These issues are dealt with touching empathy and frankness. Moriarty wove us through a web of many characters of all ages and brought us to a delicious end. No easy task. Bravo Liane. 5 stars for sure.
I LOVE to listen to audiobooks - the Audible ap is by far the best thing that's ever happend to my iPhone.
Ok - so I am like a lot of people and I see my relationship and want to know what I can do to make it better. Sometimes I read a book about relationships... but usually found in the self help section... but THIS BOOK - this is a book that can very possibly give you insight to your own relationship.
I loved this book - I loved the premise, the narrator... the story. I loved the ending - heck... it's a great book.
I read and listen to books. I drink tea. I sleep like a cat and wished I lived in Hawaii.
I recently listened to "The Husband's Secret" (Moriarty's latest book) and enjoyed it so much that I needed to find something else of hers to read. I didn't know that I could like chick-lit so much. Is this chick-lit? I felt like it was smarter than what I typically think of as chick-lit. Maybe it could be called contemporary fiction for women, but is that just chick-lit in the end?
I really like Moriarty's formula. She creates an interesting event that her stories revolve around. Her books are suspenseful with side plots that also have hidden secrets. In this book, Alice bumps her head at the gym and forgets the last ten years of her life. AMNESIA! What a interesting and soap opera thing to have happened, minus all the bad lighting. So instead of knowing that she is 39, Alice thinks she is 29. Of course, Alice's life has change a lot over the last ten years and not necessarily for the better. We get to see in time all of what Alice has forgotten about her own life as well as those close to her. Her sister and grandmother also play significant roles in the book and narrate sporadically. Maybe the amnesia twist is over the top, but I think that Alice's reaction to the event and to those close to her was convincing. I thought it was smart and well executed on the author's part. I didn't love the ending, it was a bit drawn out and slow, but it didn't leave anything unresolved. Overall, the book was heart-warming and heart-breaking with a bit of humor tossed in.
I don't think this will appeal much to men. It gets a bit dramatic and focuses on the thoughts and feelings of 3 different women. It's a bit "girly". And, like I stated before, this isn't a book that you would call literary, even though I think Moriarty has well thought out plots and dialogue. I enjoyed the narration by Lovatt-Smith, especially her Australian accent. I thought she was charming. If you are a woman that enjoys chick-lit or contemporary fiction, then I think you will enjoy this listen/read.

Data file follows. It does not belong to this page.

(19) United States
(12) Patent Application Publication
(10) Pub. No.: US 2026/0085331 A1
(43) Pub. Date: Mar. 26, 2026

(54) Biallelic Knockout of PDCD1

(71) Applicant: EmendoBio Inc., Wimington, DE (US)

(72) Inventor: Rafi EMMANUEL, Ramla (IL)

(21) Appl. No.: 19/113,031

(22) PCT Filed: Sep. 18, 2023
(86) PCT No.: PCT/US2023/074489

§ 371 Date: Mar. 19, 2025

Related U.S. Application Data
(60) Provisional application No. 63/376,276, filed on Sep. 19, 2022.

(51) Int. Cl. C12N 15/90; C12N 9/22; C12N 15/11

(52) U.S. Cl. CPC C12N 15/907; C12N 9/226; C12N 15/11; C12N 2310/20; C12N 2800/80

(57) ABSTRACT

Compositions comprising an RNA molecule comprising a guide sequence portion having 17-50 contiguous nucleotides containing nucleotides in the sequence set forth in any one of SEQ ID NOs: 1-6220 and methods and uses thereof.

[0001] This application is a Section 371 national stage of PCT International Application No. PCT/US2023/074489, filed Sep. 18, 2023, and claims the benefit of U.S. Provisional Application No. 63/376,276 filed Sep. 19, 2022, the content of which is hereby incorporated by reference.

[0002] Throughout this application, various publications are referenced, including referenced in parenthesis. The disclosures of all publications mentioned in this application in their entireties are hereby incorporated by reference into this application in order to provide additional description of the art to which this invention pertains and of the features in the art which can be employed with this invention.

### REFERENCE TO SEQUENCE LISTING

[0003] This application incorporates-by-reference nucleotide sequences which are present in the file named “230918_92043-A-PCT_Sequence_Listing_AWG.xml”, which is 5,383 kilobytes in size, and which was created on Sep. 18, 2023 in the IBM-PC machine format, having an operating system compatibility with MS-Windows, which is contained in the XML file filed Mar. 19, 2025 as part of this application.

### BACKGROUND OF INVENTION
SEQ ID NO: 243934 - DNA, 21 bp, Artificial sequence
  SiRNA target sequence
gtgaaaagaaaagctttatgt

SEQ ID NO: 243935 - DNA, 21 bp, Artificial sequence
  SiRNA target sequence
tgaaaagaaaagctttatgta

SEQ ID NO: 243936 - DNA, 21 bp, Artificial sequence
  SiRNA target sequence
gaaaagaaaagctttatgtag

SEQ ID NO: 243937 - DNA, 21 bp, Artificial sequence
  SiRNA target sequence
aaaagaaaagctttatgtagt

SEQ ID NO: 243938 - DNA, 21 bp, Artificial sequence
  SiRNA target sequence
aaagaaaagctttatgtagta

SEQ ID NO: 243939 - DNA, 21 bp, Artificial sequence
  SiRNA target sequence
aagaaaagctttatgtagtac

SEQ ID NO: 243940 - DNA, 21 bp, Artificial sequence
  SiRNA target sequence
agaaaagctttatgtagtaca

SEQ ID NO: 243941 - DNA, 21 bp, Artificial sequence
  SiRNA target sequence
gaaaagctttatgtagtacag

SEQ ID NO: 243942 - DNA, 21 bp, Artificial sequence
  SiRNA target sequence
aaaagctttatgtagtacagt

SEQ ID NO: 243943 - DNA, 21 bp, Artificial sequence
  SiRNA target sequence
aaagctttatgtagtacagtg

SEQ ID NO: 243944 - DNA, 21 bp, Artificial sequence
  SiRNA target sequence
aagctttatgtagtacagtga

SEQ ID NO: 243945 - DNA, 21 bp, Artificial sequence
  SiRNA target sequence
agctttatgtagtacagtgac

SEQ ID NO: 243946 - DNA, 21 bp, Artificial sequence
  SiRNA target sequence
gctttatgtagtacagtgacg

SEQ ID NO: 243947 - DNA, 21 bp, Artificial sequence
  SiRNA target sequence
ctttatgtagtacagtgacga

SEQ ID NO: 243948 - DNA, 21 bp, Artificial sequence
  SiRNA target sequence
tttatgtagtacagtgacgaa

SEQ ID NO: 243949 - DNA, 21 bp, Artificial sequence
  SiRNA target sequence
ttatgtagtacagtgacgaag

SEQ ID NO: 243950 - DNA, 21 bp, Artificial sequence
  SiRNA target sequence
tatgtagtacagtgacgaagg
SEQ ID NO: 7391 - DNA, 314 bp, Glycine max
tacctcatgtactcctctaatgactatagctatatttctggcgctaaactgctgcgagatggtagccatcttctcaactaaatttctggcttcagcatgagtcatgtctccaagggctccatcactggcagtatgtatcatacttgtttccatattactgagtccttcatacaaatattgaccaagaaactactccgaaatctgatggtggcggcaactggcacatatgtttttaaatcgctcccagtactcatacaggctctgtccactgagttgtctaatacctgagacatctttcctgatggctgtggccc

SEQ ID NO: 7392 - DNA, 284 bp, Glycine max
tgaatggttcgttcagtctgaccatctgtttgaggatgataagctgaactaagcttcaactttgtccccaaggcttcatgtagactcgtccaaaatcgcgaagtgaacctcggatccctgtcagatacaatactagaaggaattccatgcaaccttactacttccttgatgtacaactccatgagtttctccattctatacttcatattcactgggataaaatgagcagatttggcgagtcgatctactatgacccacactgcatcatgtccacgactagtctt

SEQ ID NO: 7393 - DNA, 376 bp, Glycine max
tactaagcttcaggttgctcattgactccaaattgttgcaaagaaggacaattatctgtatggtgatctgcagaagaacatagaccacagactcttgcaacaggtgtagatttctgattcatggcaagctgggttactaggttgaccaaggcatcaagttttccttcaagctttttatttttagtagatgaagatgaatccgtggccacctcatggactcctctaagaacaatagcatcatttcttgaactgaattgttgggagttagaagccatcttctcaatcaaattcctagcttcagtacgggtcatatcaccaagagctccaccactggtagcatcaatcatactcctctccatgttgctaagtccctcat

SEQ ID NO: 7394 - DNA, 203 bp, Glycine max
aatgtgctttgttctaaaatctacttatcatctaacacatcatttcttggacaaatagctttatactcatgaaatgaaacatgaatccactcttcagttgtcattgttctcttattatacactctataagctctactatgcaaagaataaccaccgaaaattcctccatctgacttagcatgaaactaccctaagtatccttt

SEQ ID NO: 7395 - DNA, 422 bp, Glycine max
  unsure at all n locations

What Alice forgot is the story of Alice Love, a 39-year-old mother of three who goes to the gym and passes out during her spin class, hitting her head and forgetting the last 10 years of her life. A lot has happened in that ten years, she's had three kids, become a lot more fit, and separated from her husband Nick, who ten years ago she was madly in love with. This is my favorite of Liane Moriarty's books. She is quickly becoming one of my favorite authors. She does such a great job with her character development, you really feel like you know and care about these people in her stories. There is some strong language in this book, so be forworned. Other then that, I highly recommend What Alice Forgot!
Consider what reminders a visit to the past might conjure up to change our perspective in our present lives.
"The old Alice" - she was sweet and innocent and idealistic with no thoughts of grandeur
I have not but would like to
The telling of this tale made me very thoughtful.
This book made a very long trip very enjoyable.
I have not read the book; only listen, but none the less the narrator brought this book to life for me.
Nothing compasses this book. I loved the epilogue.
When she was in the kitchen with her husband right before Olivia came down stairs. That innocence was breathtaking.
What Alice needed most.
I'd like to thank the narrator for speaking life into this book. I couldn't have done it better.
This was my second Liane Moriarty novel, having just finished Big Little Lies last week. I loved the thoughtfulness it presented to my own life, thinking back, wondering if I had regrets. It brought to mind a quote of, I think CS Lewis, something to the effect that even though nothing is different day after day, that after years gone by, you have a totally different life. Such a great story, great characters, and a superb narration. I am off to find another by this author.